New Construction Home Inspections Require a Licensed Professional Engineer or Architect
As a professional engineer experienced with construction defect litigation support I know first-hand how easy it is for new construction to cover up significant material defects. Poorly trained, poorly supervised workers lacking adequately detailed instruction can result in bad work. A nice finish can distract even a good observer.
New construction requires a different approach than when inspecting existing buildings. New construction generally does not display shrinkage or settlement, and workmanship errors may be obscured by the new finishes. Understanding how the designer intended the structure to be assembled, the materials to be used, and how the code inspections progressed are all important factors to evaluate. These critical factors generally go unseen during a visual inspection.
Caveat Emptor: Closing the New Construction Loop with a Professional Inspection
Very few new construction projects have inspection services provided by their design professional or by third party inspectors during the construction period. Buyers of new construction should have an engineering inspection performed by a licensed NJ Professional Engineer or a NJ Registered Architect. The NJ Home Inspection Professional Licensing Act home inspection regulations do not apply to new homes. The licensing act specifically excludes new homes and states: “…shall not include any such structure newly constructed and not previously occupied.” (N.J.S.A. 45:8-62) NJ Home Inspectors are not licensed for new home inspections. Engineers and architects are licensed for the design of the structure and all systems within a home so they do not need to refer further review to technical specialists as is so often done by home inspectors.
When inspecting a newly constructed home, a new addition, or a major renovation, it is important to begin with a review of all construction documents including the Architect Drawings and a review of the local Building Department records. The details defined as well as the details not defined in the construction documents are very instructive in guiding the engineer or architect in their condition assessment.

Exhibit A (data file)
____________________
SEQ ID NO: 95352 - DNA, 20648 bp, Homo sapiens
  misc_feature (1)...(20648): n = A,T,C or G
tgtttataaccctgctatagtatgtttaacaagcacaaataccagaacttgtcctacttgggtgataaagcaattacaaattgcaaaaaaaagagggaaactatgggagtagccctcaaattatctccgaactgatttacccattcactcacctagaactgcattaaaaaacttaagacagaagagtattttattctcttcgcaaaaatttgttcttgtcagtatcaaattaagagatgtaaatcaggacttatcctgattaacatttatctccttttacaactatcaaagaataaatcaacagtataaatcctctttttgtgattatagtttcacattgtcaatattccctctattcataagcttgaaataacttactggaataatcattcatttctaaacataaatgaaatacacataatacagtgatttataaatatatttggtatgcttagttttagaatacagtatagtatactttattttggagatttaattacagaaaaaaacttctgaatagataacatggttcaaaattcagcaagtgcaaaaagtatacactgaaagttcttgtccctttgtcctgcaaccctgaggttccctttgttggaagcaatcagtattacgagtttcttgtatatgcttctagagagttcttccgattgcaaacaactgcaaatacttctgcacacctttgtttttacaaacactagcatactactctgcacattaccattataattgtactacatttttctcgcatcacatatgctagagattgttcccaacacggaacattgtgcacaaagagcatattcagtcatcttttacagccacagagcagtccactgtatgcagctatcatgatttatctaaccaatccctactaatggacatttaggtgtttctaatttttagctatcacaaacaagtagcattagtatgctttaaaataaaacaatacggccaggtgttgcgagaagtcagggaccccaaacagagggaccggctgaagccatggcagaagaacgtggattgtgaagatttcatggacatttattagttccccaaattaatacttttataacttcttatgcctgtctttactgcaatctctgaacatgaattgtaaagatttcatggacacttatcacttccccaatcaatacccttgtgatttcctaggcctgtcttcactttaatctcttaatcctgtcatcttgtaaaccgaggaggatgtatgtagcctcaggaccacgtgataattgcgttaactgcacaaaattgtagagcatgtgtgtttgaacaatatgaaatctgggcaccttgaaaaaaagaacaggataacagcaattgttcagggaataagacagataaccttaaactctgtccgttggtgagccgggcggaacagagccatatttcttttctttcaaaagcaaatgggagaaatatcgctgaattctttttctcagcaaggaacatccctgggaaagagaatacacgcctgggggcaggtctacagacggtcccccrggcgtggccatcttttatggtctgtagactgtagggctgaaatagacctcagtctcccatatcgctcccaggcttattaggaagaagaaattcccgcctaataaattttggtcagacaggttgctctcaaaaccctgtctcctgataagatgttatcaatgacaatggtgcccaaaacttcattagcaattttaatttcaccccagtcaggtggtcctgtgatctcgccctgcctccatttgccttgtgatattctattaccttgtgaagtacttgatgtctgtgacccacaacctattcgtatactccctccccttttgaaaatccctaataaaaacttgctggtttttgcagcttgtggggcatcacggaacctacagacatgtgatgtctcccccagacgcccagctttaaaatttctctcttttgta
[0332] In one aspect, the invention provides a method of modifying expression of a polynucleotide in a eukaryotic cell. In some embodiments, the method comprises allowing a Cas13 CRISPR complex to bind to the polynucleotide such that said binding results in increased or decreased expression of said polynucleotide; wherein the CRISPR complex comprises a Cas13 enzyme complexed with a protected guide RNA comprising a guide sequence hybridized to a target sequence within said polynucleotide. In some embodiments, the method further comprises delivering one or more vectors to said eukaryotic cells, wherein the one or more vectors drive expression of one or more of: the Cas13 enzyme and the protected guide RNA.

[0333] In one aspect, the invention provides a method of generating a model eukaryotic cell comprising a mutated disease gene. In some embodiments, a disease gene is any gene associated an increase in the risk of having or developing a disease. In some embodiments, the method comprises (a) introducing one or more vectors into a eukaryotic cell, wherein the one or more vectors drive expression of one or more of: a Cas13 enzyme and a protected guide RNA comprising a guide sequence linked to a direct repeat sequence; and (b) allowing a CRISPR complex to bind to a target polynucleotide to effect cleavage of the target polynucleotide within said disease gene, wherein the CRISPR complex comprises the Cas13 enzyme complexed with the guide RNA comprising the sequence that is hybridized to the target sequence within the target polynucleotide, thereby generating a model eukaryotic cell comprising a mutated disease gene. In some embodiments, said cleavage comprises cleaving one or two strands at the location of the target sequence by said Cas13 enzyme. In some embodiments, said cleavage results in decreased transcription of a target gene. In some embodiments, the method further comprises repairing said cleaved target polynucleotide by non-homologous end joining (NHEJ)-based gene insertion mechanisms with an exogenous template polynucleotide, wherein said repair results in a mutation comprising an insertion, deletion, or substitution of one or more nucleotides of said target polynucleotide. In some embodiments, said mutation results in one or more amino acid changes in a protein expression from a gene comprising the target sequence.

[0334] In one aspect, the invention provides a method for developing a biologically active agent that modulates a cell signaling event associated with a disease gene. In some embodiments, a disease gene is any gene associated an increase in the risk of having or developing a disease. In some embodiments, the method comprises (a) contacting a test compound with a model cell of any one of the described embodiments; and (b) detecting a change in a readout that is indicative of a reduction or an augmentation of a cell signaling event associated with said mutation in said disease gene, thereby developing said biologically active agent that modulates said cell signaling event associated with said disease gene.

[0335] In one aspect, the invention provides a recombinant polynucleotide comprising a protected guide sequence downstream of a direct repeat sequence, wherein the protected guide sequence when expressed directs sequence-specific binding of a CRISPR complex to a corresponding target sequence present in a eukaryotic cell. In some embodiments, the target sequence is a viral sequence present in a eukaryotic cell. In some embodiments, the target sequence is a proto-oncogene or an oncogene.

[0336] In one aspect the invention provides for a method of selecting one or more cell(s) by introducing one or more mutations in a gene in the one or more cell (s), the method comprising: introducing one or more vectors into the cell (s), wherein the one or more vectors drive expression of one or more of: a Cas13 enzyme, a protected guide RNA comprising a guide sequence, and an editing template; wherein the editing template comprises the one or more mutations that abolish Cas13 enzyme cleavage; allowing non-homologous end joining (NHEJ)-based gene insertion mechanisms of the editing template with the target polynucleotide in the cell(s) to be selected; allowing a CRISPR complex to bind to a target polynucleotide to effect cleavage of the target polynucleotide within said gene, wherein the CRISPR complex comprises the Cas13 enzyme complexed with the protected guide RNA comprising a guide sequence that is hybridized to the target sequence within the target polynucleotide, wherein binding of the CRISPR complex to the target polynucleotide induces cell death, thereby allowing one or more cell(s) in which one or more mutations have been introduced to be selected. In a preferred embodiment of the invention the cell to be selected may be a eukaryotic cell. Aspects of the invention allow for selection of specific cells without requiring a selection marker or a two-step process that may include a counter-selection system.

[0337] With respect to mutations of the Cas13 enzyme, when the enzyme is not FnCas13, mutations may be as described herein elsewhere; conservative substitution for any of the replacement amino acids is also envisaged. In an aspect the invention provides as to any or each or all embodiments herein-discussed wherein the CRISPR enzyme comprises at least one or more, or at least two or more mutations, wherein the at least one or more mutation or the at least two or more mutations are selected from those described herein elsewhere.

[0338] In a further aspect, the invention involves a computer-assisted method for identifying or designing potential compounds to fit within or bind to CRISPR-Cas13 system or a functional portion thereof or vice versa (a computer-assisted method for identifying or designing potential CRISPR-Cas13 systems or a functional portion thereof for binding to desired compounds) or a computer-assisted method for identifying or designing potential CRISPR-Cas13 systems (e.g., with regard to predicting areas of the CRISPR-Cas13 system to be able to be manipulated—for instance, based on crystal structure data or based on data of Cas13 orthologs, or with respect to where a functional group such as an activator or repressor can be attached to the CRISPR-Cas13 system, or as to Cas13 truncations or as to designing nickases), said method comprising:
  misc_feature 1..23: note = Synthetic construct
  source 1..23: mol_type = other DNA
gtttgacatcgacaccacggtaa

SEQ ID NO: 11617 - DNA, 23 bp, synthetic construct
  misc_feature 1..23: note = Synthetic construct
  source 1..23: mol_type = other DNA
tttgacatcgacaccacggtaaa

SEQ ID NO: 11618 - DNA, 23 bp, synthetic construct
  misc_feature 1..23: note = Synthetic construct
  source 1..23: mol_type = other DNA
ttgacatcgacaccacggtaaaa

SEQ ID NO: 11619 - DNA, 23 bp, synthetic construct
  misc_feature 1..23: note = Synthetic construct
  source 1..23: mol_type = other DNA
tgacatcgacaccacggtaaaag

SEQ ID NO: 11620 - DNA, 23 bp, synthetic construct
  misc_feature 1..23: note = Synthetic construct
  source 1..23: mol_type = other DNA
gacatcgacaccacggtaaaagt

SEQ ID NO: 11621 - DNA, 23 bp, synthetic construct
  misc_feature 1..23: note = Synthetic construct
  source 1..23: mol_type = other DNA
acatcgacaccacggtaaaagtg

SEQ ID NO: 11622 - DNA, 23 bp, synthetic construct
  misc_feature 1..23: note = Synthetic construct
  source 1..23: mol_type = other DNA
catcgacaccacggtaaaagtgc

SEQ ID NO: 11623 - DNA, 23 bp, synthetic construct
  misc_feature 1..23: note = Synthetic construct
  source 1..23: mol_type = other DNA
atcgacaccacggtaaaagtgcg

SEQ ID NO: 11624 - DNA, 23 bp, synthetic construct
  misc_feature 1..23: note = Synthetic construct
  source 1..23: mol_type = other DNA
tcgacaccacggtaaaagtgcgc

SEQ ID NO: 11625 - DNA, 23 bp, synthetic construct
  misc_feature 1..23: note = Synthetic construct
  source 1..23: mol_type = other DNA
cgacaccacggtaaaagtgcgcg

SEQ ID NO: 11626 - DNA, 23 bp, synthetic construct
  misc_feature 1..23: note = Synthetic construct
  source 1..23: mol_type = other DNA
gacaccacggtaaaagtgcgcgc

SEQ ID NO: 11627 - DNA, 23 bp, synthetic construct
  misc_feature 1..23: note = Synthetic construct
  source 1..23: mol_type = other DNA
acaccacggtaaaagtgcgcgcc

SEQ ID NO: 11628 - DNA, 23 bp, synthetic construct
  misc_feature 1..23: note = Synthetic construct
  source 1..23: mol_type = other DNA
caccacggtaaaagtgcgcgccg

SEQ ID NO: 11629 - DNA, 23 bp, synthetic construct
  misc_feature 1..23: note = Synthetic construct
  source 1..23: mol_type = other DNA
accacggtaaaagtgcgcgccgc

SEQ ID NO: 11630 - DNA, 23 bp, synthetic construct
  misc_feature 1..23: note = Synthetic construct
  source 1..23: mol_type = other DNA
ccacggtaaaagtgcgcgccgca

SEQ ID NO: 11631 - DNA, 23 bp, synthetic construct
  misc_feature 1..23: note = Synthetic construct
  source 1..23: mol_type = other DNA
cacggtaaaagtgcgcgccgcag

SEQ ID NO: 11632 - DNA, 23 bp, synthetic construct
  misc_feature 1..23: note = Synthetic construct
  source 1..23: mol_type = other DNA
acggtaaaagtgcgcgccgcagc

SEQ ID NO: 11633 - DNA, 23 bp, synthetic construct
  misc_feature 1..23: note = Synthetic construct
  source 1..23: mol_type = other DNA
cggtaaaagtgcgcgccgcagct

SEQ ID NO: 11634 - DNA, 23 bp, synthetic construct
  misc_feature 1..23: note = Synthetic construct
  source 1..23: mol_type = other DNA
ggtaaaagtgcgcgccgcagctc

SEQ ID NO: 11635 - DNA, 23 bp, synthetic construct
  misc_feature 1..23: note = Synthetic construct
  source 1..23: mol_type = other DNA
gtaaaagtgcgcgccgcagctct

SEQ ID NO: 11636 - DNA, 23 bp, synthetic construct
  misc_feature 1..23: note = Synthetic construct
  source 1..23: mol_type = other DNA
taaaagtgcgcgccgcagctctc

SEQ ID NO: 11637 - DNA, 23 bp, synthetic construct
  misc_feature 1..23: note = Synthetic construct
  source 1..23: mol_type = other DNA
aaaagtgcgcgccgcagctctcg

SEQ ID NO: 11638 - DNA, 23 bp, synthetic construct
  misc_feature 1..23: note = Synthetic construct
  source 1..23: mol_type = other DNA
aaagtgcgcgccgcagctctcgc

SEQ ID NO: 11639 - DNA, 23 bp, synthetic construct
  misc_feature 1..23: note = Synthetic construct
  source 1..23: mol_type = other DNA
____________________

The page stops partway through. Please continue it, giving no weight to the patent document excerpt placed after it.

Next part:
Understanding how the home was to be constructed, the type of materials that were to be used, and the history of issues that developed during the construction process is critical. Observations of how structures are located on the property including surrounding topography are needed to understand how roof and surface water drainage is being managed. Visual condition observations of hundreds of items are needed, including all Structural systems (roof, building frame, foundation, basement, crawl basements, exterior and interior walls); Waterfront structures (bulkheads, piers, docks); Building covering systems and penetrations (roof covering, building siding, windows, doors, flashing and sealing systems); Property (site facilities, drainage, retaining walls, property safety, parking); Electrical system; Plumbing system; Mechanical systems (heating, ventilation, air conditioning); plus special features such as EIFS, or client requirements such as Radon testing, or other engineering inspection or testing needs. Photo documentation helps to illustrate the observations. Summarized findings specifically written for the particular home are needed to assure a clear understanding of issues identified and complete a new construction home inspection.
A NJ OPRA (official public records act) request is necessary to obtain approval of the building department records so additional time may be necessary for the inspection process. It may take up to one week to obtain approval to review these files, so please advise your attorney to allow adequate time for this due diligence to be performed.
Without doubt the investment in new construction inspection by a licensed professional engineer or architect is an expenditure a new home or building owner should make to understand the condition of the property being purchased.